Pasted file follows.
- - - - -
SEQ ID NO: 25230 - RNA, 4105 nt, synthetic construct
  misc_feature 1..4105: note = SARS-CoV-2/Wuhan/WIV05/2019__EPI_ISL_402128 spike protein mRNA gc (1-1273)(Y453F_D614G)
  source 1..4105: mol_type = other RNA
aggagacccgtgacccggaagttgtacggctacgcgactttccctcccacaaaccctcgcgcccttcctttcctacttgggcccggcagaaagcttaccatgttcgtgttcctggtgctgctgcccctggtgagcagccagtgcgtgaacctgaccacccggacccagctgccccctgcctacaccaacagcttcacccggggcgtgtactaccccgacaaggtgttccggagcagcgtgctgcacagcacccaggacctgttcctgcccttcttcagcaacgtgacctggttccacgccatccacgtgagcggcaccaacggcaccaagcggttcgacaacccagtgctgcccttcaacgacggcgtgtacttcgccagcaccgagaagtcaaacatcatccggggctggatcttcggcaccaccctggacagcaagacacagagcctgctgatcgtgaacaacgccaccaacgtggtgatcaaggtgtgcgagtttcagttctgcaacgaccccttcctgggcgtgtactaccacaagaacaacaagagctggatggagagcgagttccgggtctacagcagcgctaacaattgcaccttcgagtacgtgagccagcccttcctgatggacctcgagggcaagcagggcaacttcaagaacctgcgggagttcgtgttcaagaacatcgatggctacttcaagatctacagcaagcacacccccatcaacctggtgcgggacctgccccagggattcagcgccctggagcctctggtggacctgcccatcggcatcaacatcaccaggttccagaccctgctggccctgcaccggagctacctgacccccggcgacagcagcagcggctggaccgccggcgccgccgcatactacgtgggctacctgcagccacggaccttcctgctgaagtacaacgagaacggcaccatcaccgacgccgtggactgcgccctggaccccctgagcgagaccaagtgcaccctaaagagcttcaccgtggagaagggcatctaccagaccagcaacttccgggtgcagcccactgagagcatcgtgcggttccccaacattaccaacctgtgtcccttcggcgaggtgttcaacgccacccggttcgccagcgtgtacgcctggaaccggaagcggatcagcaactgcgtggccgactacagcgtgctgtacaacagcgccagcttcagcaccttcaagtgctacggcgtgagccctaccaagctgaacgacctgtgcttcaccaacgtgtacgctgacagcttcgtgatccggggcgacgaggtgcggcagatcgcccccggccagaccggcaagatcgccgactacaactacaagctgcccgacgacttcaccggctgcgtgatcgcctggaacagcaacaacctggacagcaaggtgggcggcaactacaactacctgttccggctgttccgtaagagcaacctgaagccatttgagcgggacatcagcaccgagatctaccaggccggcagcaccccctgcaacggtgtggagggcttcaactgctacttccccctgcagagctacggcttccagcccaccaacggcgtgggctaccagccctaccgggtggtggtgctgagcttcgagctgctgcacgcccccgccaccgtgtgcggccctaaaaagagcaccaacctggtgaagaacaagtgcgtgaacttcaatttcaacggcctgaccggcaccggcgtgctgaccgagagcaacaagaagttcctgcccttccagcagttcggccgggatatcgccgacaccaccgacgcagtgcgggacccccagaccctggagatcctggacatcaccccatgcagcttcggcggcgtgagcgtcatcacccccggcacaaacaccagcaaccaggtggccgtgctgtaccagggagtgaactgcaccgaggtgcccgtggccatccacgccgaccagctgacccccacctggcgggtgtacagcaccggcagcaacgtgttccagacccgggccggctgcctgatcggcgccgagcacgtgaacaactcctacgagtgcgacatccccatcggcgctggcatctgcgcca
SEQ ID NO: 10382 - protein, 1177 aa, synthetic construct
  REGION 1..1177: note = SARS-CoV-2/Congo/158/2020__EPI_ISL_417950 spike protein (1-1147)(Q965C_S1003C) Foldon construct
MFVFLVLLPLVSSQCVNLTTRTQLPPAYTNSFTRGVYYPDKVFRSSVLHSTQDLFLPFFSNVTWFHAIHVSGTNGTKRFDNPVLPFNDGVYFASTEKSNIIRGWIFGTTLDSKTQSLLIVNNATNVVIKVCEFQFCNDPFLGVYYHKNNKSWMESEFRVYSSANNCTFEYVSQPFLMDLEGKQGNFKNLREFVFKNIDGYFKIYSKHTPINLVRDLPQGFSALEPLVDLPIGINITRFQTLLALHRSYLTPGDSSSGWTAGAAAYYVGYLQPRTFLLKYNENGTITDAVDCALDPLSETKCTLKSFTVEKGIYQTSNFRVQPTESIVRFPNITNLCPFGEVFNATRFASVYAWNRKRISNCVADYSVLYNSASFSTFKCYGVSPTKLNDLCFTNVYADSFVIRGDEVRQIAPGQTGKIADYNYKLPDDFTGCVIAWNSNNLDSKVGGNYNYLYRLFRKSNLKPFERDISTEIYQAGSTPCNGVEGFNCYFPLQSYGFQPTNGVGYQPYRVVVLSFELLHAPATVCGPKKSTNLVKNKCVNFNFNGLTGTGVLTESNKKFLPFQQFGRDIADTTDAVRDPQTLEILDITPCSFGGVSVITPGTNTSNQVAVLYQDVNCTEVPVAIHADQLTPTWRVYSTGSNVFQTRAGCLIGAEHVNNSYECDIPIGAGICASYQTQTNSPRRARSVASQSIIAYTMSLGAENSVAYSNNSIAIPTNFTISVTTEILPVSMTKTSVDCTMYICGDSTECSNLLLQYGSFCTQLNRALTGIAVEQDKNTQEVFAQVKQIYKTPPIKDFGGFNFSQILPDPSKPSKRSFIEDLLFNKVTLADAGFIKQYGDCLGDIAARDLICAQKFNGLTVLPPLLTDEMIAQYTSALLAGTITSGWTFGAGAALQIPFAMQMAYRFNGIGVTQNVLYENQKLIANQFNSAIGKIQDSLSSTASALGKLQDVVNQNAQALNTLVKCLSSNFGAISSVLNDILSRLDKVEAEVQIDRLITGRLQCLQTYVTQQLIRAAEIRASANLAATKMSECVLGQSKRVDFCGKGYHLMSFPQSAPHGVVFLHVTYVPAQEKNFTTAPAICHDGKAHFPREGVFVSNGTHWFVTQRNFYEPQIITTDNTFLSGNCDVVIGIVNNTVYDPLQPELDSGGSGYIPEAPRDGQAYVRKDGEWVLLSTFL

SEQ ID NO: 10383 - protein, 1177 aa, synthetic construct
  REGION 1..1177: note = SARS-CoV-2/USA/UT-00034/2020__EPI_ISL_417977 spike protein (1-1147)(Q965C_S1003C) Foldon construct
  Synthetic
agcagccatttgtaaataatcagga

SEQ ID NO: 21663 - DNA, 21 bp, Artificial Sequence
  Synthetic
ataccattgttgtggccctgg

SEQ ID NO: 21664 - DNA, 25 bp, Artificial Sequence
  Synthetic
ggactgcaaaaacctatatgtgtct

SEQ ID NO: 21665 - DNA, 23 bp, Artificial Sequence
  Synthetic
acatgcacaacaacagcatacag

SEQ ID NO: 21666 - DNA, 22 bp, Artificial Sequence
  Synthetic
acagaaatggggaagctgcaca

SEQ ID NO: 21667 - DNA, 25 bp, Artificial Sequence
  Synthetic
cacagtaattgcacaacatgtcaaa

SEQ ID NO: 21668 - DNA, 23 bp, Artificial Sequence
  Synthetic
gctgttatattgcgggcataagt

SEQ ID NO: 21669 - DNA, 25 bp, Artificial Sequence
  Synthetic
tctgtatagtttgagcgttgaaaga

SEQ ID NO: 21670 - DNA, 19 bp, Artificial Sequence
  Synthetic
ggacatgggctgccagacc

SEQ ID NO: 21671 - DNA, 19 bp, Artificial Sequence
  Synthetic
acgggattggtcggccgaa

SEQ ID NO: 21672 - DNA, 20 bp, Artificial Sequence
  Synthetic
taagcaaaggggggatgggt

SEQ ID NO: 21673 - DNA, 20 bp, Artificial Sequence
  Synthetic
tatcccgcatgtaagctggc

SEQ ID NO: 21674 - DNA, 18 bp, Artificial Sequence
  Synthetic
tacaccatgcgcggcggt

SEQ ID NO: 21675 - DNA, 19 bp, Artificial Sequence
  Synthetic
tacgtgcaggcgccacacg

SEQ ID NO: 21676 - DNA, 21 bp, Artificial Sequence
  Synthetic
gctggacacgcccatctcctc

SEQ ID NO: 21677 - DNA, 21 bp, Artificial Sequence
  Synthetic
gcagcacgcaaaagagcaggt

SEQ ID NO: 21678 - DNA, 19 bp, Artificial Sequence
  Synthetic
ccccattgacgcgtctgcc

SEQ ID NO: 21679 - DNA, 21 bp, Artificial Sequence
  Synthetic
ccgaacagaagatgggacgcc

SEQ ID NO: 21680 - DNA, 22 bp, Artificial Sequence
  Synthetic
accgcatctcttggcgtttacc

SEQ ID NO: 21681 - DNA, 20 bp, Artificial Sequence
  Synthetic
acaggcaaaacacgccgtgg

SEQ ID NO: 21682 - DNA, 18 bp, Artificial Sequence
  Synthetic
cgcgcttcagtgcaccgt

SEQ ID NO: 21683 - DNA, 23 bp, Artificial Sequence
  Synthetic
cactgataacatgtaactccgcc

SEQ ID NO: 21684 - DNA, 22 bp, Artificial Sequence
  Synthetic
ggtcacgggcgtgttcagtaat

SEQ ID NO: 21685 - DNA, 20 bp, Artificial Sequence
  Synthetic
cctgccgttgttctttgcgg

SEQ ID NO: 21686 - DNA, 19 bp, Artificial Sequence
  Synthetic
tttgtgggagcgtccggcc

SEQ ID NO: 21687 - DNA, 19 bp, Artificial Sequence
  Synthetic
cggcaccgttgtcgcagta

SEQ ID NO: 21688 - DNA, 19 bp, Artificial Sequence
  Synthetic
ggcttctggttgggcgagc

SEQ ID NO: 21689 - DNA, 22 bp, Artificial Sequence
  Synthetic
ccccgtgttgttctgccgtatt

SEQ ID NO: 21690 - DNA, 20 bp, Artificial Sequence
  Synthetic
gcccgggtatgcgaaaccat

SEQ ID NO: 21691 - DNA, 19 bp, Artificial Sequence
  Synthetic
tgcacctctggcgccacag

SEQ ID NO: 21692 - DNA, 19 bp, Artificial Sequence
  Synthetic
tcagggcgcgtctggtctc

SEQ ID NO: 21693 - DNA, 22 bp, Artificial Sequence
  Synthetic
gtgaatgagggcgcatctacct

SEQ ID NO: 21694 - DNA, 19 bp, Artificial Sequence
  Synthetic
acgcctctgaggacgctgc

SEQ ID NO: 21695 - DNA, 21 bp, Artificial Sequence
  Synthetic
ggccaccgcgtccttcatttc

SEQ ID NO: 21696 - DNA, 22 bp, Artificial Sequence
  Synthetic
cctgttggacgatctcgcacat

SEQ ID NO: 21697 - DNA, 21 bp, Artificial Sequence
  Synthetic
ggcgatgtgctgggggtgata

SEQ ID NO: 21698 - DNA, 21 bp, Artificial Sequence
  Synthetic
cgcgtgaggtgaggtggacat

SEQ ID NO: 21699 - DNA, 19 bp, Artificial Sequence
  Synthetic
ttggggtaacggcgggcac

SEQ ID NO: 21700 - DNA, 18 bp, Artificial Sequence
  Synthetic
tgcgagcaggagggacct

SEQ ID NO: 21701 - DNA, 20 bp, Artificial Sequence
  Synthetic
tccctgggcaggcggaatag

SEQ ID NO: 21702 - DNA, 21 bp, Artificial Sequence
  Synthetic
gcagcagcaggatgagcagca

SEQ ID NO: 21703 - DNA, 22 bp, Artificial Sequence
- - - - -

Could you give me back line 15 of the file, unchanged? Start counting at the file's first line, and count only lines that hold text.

SEQ ID NO: 21664 - DNA, 25 bp, Artificial Sequence